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Hollywood and Vine: 1939

Hollywood and Vine: 1939

September 1939. Cadott, Wisconsin. "The week's bill." 35mm nitrate negative by John Vachon for the Farm Security Administration. View full size.


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This picture would be the perfect 'wallpaper' for a fan of classical movies. I wonder if TCM has any of these flicks in their vault. I'd like to see the 'Gracie Allen' picture; note that George Burns isn't mentioned. Interesting.

Bank Nite

Bank Night (listed on the Wed-Thurs board as "Bank Nite") was a lottery for prizes which theaters held during the latter part of The Depression in order to get more patrons into their theater.

Now Playing

The Stanley Theater is still open and playing films. I've had the pleasure myself, actually.

Daniel "Mussy" Eslinger and his family have been running the theater since 1968. In 2010, the family restored the outside of the theater to its 1936 glory.

The theater is a gem and so is Mussy. Where else can you get real butter on your popcorn?

Top Billing

Lewis Stone over Mickey Rooney
Gracie Allen over Kent Taylor
What were they thinking?

Pre-TV World

As someone who has grown up in a post-television world, I find it fascinating how so many movies could be at one single screen theater over the course of 10 days. Hope you don't have any plans Tuesday night because that is the last night for "Susannah of the Mounties"!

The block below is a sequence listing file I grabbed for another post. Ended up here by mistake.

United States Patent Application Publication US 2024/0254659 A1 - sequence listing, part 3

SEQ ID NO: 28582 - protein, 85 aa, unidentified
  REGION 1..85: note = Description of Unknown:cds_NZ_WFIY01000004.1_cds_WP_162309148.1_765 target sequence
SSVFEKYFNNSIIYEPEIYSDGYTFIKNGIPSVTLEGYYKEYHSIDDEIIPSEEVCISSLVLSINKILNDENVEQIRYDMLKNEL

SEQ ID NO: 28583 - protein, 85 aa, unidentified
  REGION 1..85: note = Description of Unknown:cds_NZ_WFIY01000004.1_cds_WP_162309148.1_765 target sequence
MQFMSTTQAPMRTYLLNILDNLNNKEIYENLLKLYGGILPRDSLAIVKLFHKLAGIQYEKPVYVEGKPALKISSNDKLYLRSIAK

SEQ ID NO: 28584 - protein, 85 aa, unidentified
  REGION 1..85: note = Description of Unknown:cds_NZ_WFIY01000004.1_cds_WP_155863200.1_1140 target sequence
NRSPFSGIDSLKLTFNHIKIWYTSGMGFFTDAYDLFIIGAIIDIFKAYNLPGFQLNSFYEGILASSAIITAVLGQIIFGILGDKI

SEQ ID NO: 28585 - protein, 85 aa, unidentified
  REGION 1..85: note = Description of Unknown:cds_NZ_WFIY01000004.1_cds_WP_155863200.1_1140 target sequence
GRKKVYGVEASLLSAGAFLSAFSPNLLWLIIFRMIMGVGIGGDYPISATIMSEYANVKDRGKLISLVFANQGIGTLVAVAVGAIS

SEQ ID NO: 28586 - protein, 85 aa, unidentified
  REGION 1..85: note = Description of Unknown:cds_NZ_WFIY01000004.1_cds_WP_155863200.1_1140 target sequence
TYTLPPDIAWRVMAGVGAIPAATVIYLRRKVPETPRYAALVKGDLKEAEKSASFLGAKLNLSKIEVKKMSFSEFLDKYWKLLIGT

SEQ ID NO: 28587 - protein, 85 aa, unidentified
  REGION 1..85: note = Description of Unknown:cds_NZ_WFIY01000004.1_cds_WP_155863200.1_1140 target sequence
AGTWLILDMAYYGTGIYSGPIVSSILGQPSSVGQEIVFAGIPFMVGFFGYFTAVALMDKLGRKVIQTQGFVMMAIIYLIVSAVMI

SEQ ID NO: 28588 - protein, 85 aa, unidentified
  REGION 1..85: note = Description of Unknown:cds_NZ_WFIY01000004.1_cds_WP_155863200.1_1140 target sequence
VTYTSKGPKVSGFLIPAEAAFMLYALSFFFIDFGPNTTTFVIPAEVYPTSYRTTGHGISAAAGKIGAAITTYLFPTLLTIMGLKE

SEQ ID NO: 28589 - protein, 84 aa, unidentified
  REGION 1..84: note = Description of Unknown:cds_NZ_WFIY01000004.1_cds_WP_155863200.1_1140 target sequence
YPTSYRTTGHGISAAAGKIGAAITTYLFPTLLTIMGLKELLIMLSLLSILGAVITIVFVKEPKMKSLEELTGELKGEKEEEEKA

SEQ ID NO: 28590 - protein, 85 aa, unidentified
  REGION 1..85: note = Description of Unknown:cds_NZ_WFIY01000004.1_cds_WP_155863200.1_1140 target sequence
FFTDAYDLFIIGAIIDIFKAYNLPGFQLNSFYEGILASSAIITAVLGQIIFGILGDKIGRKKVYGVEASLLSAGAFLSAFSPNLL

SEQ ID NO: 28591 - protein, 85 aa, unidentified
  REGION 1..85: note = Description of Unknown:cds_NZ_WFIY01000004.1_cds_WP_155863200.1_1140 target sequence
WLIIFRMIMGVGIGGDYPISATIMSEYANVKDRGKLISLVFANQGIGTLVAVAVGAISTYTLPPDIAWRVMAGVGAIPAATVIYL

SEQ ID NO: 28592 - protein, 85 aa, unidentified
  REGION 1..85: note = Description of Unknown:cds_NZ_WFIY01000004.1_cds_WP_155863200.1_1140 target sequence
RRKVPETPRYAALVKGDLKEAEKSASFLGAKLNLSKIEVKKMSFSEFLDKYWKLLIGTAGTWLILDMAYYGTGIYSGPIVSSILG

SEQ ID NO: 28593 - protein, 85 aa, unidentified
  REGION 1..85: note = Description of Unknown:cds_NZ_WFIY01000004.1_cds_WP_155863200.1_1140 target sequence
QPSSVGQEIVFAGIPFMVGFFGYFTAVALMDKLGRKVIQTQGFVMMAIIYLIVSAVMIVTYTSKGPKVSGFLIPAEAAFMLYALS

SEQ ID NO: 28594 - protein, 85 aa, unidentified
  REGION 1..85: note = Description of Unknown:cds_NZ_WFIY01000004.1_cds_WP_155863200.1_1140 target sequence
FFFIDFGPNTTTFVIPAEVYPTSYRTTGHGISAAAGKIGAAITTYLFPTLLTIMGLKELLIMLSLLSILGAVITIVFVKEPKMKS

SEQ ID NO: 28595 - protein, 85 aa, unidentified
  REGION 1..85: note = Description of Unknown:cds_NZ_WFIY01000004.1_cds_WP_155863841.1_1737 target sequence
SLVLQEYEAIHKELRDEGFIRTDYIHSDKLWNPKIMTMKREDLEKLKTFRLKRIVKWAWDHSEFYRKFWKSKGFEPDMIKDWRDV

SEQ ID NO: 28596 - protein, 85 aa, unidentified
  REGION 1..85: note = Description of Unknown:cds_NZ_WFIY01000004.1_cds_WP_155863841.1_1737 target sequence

On another note, what is a "bank-nite" and why is touted as being special?

[The signs say "Book Night." A promotional stunt dreamed up by exhibitor Robert Lippert. - Dave]

I did see that sign, but what I was referring to was written next to the Wed & Thurs above the Gracie Allen Murder Case poster.

Gracie Allen Murder Case

My mother had a set of S.S. Van Dine's Philo Vance murder mysteries, gray covers with a spiderweb design. One of them was The Gracie Allen Murder Case. Philo was a rich guy of the "old boy, my dear chap" school whose valet assisted him in his investigations. I recall that many of the chapters began with epigrams in Latin or Greek and Philo was always tossing in "bon mots" in French.

Not Exactly First-Run

As with most small town movie houses, it looks like Cadott's Stanley Theatre was not very high up in the pecking order for new releases. According to IMDB, "Susannah of the Mounties" was released on June 13, 1939, "The Gracie Allen Murder Case" on June 2, "Stronger Than Desire" on June 30, and "Andy Hardy Gets Spring Fever" on July 21. Any Cadott residents who burned to see the latest movies might have made the nearly 100-mile trek to Minneapolis for quicker gratification.

Some of the hit movies mentioned below had been released in the Spring, but "The Wizard of Oz" didn't hit the screens until August 25 - sit tight, Cadott - and everyone was going to have to wait a bit longer for "Gone With the Wind." Although it premiered in December, it was not actually distributed to theaters until January 17, 1940.

Stanley's Selection

1939 was one of the greatest years ever for movies - i.e. Gone With the Wind, The Wizard of Oz, Dark Victory, Stagecoach, Mr. Smith Goes to Washington, Wuthering Heights, etc. - and the Stanley Theatre isn't showing even one of them!


More than seven decades later, the stars of two of these movies are still among us: Mickey Rooney (going on 91) and Shirley Temple (83).

Poster collectors

I checked some auction prices for these one-sheet movie posters, and came up with three:

Susannah of the Mounties $134 (2009)
Stronger than Desire $45 (2006)
Andy Hardy Gets Spring Fever $120 (2008)

The ringer is the Gracie Allen. I couldn't find any references or images of this particular design, but many for a different one whose estimates range up to $1700, so perhaps the one here is a real rarity.

"Vine." I get it.

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